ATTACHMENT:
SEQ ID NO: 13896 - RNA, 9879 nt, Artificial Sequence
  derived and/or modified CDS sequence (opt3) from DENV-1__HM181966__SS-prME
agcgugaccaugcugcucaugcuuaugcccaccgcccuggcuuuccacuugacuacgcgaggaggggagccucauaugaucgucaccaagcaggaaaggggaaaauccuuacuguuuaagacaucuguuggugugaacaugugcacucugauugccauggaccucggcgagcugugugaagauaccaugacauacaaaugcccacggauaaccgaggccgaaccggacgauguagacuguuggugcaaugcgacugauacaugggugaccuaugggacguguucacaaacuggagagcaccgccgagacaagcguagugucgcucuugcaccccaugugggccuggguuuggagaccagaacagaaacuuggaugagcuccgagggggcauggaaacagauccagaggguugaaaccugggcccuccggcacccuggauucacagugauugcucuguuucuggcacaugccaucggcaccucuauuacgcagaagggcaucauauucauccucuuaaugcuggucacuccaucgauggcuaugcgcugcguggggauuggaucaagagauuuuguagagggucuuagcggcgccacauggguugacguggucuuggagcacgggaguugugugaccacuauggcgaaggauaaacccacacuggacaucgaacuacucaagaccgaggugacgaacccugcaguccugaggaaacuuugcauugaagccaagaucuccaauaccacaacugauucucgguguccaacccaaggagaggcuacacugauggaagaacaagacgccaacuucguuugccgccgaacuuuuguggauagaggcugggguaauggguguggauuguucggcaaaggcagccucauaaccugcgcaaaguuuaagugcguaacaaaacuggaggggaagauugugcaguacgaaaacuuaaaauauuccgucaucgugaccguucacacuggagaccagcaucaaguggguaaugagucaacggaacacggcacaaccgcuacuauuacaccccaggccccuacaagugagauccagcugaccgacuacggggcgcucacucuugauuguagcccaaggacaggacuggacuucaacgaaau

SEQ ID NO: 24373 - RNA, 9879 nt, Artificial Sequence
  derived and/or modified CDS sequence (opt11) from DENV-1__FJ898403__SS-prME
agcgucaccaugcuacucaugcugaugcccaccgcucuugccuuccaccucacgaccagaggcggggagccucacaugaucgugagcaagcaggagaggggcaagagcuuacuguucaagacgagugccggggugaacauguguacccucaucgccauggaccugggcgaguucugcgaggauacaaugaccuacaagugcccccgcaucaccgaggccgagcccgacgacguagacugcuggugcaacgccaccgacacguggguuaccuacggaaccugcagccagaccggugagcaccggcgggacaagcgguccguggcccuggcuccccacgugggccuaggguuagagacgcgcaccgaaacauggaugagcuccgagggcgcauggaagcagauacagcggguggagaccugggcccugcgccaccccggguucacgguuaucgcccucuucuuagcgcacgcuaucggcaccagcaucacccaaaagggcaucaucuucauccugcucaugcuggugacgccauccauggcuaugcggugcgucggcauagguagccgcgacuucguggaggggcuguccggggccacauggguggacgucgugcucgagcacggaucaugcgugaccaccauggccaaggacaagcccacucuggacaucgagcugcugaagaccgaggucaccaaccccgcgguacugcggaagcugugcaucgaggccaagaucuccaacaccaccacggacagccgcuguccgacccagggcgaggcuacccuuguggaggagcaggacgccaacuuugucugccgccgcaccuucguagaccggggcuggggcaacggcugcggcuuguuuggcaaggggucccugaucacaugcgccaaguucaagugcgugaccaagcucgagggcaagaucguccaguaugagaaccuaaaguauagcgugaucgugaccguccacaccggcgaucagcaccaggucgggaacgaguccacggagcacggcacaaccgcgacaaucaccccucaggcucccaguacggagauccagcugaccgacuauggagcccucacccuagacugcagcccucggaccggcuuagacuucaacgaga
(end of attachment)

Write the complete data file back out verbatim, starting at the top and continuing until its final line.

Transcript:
SEQ ID NO: 13896 - RNA, 9879 nt, Artificial Sequence
  derived and/or modified CDS sequence (opt3) from DENV-1__HM181966__SS-prME
agcgugaccaugcugcucaugcuuaugcccaccgcccuggcuuuccacuugacuacgcgaggaggggagccucauaugaucgucaccaagcaggaaaggggaaaauccuuacuguuuaagacaucuguuggugugaacaugugcacucugauugccauggaccucggcgagcugugugaagauaccaugacauacaaaugcccacggauaaccgaggccgaaccggacgauguagacuguuggugcaaugcgacugauacaugggugaccuaugggacguguucacaaacuggagagcaccgccgagacaagcguagugucgcucuugcaccccaugugggccuggguuuggagaccagaacagaaacuuggaugagcuccgagggggcauggaaacagauccagaggguugaaaccugggcccuccggcacccuggauucacagugauugcucuguuucuggcacaugccaucggcaccucuauuacgcagaagggcaucauauucauccucuuaaugcuggucacuccaucgauggcuaugcgcugcguggggauuggaucaagagauuuuguagagggucuuagcggcgccacauggguugacguggucuuggagcacgggaguugugugaccacuauggcgaaggauaaacccacacuggacaucgaacuacucaagaccgaggugacgaacccugcaguccugaggaaacuuugcauugaagccaagaucuccaauaccacaacugauucucgguguccaacccaaggagaggcuacacugauggaagaacaagacgccaacuucguuugccgccgaacuuuuguggauagaggcugggguaauggguguggauuguucggcaaaggcagccucauaaccugcgcaaaguuuaagugcguaacaaaacuggaggggaagauugugcaguacgaaaacuuaaaauauuccgucaucgugaccguucacacuggagaccagcaucaaguggguaaugagucaacggaacacggcacaaccgcuacuauuacaccccaggccccuacaagugagauccagcugaccgacuacggggcgcucacucuugauuguagcccaaggacaggacuggacuucaacgaaau

SEQ ID NO: 24373 - RNA, 9879 nt, Artificial Sequence
  derived and/or modified CDS sequence (opt11) from DENV-1__FJ898403__SS-prME
agcgucaccaugcuacucaugcugaugcccaccgcucuugccuuccaccucacgaccagaggcggggagccucacaugaucgugagcaagcaggagaggggcaagagcuuacuguucaagacgagugccggggugaacauguguacccucaucgccauggaccugggcgaguucugcgaggauacaaugaccuacaagugcccccgcaucaccgaggccgagcccgacgacguagacugcuggugcaacgccaccgacacguggguuaccuacggaaccugcagccagaccggugagcaccggcgggacaagcgguccguggcccuggcuccccacgugggccuaggguuagagacgcgcaccgaaacauggaugagcuccgagggcgcauggaagcagauacagcggguggagaccugggcccugcgccaccccggguucacgguuaucgcccucuucuuagcgcacgcuaucggcaccagcaucacccaaaagggcaucaucuucauccugcucaugcuggugacgccauccauggcuaugcggugcgucggcauagguagccgcgacuucguggaggggcuguccggggccacauggguggacgucgugcucgagcacggaucaugcgugaccaccauggccaaggacaagcccacucuggacaucgagcugcugaagaccgaggucaccaaccccgcgguacugcggaagcugugcaucgaggccaagaucuccaacaccaccacggacagccgcuguccgacccagggcgaggcuacccuuguggaggagcaggacgccaacuuugucugccgccgcaccuucguagaccggggcuggggcaacggcugcggcuuguuuggcaaggggucccugaucacaugcgccaaguucaagugcgugaccaagcucgagggcaagaucguccaguaugagaaccuaaaguauagcgugaucgugaccguccacaccggcgaucagcaccaggucgggaacgaguccacggagcacggcacaaccgcgacaaucaccccucaggcucccaguacggagauccagcugaccgacuauggagcccucacccuagacugcagcccucggaccggcuuagacuucaacgaga